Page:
CM: Conner is brought to the island his father has built, not knowing the full capacity of what he’s getting into. He’s a very intelligent, strong character with a lot of questions. In this first book, he’s getting introduced to a lot at once so it’s all sort’ve a learning experience for him at first.
SK: Yeah, we’re seeing the story through Conner’s eyes, and that means we’re seeing it through his biases, too. He’s the son of a billionaire geneticist, but he’s rejected his father’s money because it comes in part from animal testing, and he’s an animal rights activist. Imagine how that relationship will play out when he meets his father’s latest creation, Savage Game.
FS: The story deals, in part, with the ethical issues that come with questions of both genetic engineering and gene splicing. What kind of research did you do in preparation for Savage Game?
SK: All the science in the book has some touch-point in reality – especially the ideas about genetic editing and the breakthroughs that have made it hypothetically possible for properties from one species to be copied and pasted into the DNA of another species. More likely than hybridized predators, though, I think that tech will be used to develop genetically modified people, Gattaca style. By the time global societies distill and codify their ethical concerns regarding the use of that technology, the genie will already be out of the bottle and on sale to the highest bidder. But I’m not a cynic! I think genetic editing will ultimately save millions if not billions of lives from disease, injury, and aging.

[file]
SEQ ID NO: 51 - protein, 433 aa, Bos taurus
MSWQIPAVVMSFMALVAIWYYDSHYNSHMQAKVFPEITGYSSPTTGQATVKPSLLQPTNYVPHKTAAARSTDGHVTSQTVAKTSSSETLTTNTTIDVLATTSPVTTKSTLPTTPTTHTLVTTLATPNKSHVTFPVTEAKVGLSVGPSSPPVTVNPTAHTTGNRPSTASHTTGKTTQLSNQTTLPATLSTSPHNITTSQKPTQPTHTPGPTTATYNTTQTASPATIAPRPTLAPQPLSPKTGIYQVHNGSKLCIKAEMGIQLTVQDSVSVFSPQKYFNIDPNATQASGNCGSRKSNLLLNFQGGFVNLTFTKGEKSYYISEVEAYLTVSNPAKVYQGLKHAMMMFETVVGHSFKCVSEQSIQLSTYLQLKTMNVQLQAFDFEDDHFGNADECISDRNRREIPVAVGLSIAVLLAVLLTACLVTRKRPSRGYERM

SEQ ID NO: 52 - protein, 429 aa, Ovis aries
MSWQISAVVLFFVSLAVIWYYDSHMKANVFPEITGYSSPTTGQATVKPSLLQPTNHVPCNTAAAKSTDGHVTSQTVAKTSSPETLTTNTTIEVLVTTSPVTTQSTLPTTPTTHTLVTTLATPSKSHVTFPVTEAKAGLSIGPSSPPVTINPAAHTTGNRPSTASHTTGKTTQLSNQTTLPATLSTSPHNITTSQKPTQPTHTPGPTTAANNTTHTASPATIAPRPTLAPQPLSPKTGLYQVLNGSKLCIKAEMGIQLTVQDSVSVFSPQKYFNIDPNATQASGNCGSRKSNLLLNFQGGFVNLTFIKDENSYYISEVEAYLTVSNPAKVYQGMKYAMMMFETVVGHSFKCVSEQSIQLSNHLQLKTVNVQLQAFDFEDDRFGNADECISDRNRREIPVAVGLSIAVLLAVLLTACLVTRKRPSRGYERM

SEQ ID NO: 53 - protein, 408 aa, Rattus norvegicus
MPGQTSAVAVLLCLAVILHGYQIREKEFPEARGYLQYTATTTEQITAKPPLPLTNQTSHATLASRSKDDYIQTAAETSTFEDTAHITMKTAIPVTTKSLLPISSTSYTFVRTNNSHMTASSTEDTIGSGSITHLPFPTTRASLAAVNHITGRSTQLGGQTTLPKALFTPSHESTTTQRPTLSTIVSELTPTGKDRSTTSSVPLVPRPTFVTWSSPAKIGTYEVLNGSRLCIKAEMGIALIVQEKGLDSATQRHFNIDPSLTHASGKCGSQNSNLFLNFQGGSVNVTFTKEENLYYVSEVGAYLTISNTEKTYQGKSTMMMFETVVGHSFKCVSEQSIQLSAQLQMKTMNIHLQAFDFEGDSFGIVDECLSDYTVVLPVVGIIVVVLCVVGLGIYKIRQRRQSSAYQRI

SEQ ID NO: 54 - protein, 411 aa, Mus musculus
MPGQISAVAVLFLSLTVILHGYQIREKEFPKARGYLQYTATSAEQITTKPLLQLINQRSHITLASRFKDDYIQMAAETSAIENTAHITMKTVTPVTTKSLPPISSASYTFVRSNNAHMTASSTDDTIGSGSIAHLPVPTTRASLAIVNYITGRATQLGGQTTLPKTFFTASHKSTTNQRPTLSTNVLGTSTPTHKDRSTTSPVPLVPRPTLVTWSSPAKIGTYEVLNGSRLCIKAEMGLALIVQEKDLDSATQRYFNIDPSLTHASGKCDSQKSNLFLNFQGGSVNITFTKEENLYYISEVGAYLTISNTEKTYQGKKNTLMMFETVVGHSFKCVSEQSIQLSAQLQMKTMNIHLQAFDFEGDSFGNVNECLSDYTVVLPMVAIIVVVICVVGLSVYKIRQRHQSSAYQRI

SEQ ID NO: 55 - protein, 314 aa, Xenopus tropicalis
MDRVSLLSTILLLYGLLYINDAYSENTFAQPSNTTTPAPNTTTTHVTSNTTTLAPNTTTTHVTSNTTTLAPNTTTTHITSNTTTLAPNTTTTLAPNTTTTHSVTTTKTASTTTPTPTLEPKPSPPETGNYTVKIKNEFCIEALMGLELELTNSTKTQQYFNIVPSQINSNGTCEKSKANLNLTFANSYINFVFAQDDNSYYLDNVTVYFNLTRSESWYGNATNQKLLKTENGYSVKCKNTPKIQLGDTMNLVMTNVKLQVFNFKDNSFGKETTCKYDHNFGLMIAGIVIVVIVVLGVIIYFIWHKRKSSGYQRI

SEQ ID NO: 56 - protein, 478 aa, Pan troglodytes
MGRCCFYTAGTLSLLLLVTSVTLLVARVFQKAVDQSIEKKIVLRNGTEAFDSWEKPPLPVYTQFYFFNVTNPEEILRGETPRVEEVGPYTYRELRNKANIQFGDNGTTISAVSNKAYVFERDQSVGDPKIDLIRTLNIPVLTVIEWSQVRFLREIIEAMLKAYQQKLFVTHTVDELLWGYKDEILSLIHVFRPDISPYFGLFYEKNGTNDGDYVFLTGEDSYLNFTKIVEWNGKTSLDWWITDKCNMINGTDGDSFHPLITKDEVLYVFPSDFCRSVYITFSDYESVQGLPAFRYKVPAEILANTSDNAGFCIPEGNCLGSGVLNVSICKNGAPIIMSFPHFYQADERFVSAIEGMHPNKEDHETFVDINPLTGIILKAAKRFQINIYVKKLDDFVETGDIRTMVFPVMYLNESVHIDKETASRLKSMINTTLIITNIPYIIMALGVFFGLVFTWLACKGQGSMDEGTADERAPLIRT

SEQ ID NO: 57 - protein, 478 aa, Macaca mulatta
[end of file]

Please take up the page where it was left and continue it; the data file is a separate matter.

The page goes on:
FS: The story of the book itself, while being its own story, made me think to other genetic horror stories, from Jurassic Park to Splice. What were some of the influences that impacted how you approached the tale?
SK: Loads of influences. H.G. Wells and Michael Crichton certainly lend spirits to the book. In staging the Apex fights, there’s a bit of New Japan Pro Wrestling. Conner Bowen is a dissident who wants to save the world but doesn’t know how. He votes Green Party, listens to Rage against the Machine, and stages public protests. He rejects everything his father, Howard, believes.